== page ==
Surveys are very tricky to do accurately. There’s a reason one can get a PhD in polling and survey design. It’s damn hard to do right. Just ask Mitt Romney whose polls said he won the election. Jeb Bush probably used the survey by Gary Kleck and Marc Gertz to come up with his two million figure. But he said it was a “proven fact” that we should remember and repeat. But if it is a fact, like the thermometer, then every survey / study should come up with the same answer. But of course, they don’t. To understand the debate over the different numbers, it helps to consider just the single factor of survey population. If Kleck and Gertz used NRA membership rolls to conduct their survey (they probably didn’t), they would get very different answers than if they only phoned Quaker households. The demographics and truthfulness of the population being surveyed is just one small part of the difficulty in obtaining polling accuracy and reliability.

Using actual law enforcement data, the Federal Bureau of Justice found 67,740 cases of defensive gun use per year. When experts in the statistical field examine the different studies, surveys, and reports, they settle on a figure of around 310,000 a year. These figures are significantly less so let’s do the math. Bush claimed over two million cases. The majority of experts say 310,000. Dividing the two numbers gives us a factor of approximately 6.5. This means Bush’s figure is 650% higher than the number generally accepted by experts. Would you buy a car, house, or shirt with a 650% markup? I certainly wouldn’t.

But Jeb knew that no one at the NRA convention was going to argue with him. He also knew that reporters wouldn’t confront him because math doesn’t sell ad space. And he asked the audience to remember and repeat the lie because he knows Americans hate real math but for some reason remember and repeat numbers that are totally false. Everybody knows the “we only use 10% of our brain” fact. They even made a movie out of it. Only it’s not true, and we’re not even completely sure of its origin. What we do know is that if you only used 10% of your brain, you’d be dead. Even Terri Shaivo, another accomplishment Bush likes to point to, was using 50% of her brain. And that’s a fact proven by the measurements in the autopsy.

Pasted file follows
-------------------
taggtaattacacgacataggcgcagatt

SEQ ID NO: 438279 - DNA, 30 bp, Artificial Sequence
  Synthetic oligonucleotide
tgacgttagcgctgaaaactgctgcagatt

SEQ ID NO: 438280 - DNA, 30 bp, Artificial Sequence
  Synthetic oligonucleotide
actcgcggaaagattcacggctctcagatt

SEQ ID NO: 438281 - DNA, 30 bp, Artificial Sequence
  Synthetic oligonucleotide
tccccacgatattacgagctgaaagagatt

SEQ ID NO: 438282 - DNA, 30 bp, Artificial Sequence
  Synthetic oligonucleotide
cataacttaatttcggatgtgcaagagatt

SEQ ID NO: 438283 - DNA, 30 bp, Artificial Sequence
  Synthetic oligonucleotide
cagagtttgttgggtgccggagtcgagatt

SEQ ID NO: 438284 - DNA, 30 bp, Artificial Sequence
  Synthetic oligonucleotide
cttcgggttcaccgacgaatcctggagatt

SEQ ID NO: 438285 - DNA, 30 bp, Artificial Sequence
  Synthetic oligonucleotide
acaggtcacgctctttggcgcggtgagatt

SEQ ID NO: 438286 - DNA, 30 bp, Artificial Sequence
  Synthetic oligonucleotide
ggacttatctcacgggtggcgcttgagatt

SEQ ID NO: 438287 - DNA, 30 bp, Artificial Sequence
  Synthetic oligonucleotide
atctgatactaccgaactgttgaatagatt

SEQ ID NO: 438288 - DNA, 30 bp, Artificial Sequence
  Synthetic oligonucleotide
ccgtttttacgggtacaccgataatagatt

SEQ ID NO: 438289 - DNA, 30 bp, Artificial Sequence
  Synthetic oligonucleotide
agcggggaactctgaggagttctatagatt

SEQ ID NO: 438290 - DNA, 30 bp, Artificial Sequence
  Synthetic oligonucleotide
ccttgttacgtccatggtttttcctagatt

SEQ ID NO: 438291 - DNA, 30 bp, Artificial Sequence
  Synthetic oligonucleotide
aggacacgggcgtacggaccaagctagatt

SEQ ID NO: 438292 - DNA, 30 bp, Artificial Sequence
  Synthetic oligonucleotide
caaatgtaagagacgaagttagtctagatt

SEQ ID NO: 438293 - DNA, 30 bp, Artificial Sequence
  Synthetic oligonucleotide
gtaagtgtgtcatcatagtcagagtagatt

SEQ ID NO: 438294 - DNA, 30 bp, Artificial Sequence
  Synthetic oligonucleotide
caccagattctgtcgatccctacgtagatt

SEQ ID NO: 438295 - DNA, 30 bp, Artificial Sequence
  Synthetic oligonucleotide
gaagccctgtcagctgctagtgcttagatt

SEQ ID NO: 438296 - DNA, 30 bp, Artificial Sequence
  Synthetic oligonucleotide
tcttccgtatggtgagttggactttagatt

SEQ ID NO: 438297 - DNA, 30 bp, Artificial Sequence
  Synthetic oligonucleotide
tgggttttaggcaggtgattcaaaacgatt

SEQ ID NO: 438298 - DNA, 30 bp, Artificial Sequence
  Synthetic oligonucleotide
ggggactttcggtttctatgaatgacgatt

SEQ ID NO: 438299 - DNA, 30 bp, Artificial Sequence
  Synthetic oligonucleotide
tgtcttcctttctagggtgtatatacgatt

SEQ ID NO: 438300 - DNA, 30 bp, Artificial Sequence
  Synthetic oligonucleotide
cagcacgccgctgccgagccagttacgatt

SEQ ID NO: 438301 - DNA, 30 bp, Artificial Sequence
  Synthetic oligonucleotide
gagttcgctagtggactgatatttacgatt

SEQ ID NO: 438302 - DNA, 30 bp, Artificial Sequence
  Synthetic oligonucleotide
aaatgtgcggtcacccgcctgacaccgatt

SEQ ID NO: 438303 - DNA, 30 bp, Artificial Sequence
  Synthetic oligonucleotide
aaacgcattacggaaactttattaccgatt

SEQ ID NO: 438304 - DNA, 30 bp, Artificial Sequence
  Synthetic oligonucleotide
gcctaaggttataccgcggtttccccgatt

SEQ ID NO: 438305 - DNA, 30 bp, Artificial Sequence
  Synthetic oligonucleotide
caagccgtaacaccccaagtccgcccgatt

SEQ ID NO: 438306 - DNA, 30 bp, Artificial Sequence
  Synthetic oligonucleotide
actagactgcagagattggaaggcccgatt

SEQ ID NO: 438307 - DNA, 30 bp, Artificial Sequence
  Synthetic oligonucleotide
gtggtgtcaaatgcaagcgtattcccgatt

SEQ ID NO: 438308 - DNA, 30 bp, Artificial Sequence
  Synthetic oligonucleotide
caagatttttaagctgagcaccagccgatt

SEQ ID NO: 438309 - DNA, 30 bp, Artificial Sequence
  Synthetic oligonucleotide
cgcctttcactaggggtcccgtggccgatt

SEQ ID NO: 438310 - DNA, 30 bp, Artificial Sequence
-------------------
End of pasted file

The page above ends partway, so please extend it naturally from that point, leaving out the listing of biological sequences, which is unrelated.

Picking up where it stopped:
Some would argue that voters punish politicians who tell the truth. But I don’t think so in this case. If Bush had simply said, “Some studies say that over two million. . . ,” he would have been telling the truth, and the crowd still would have loved it. But the truth isn’t as powerful as “a proven fact.” So he lied, demonstrating his cynicism. And because Americans are both impressed by and scared of math, politicians and marketers continue to use numbers to lie. Why change something that works? Our entire political system is driven by the actual currency of people / corporations and the false currency of “proven facts.” No wonder over half the population doesn’t bother to vote. What’s the point when everybody lies? And that’s a proven fact.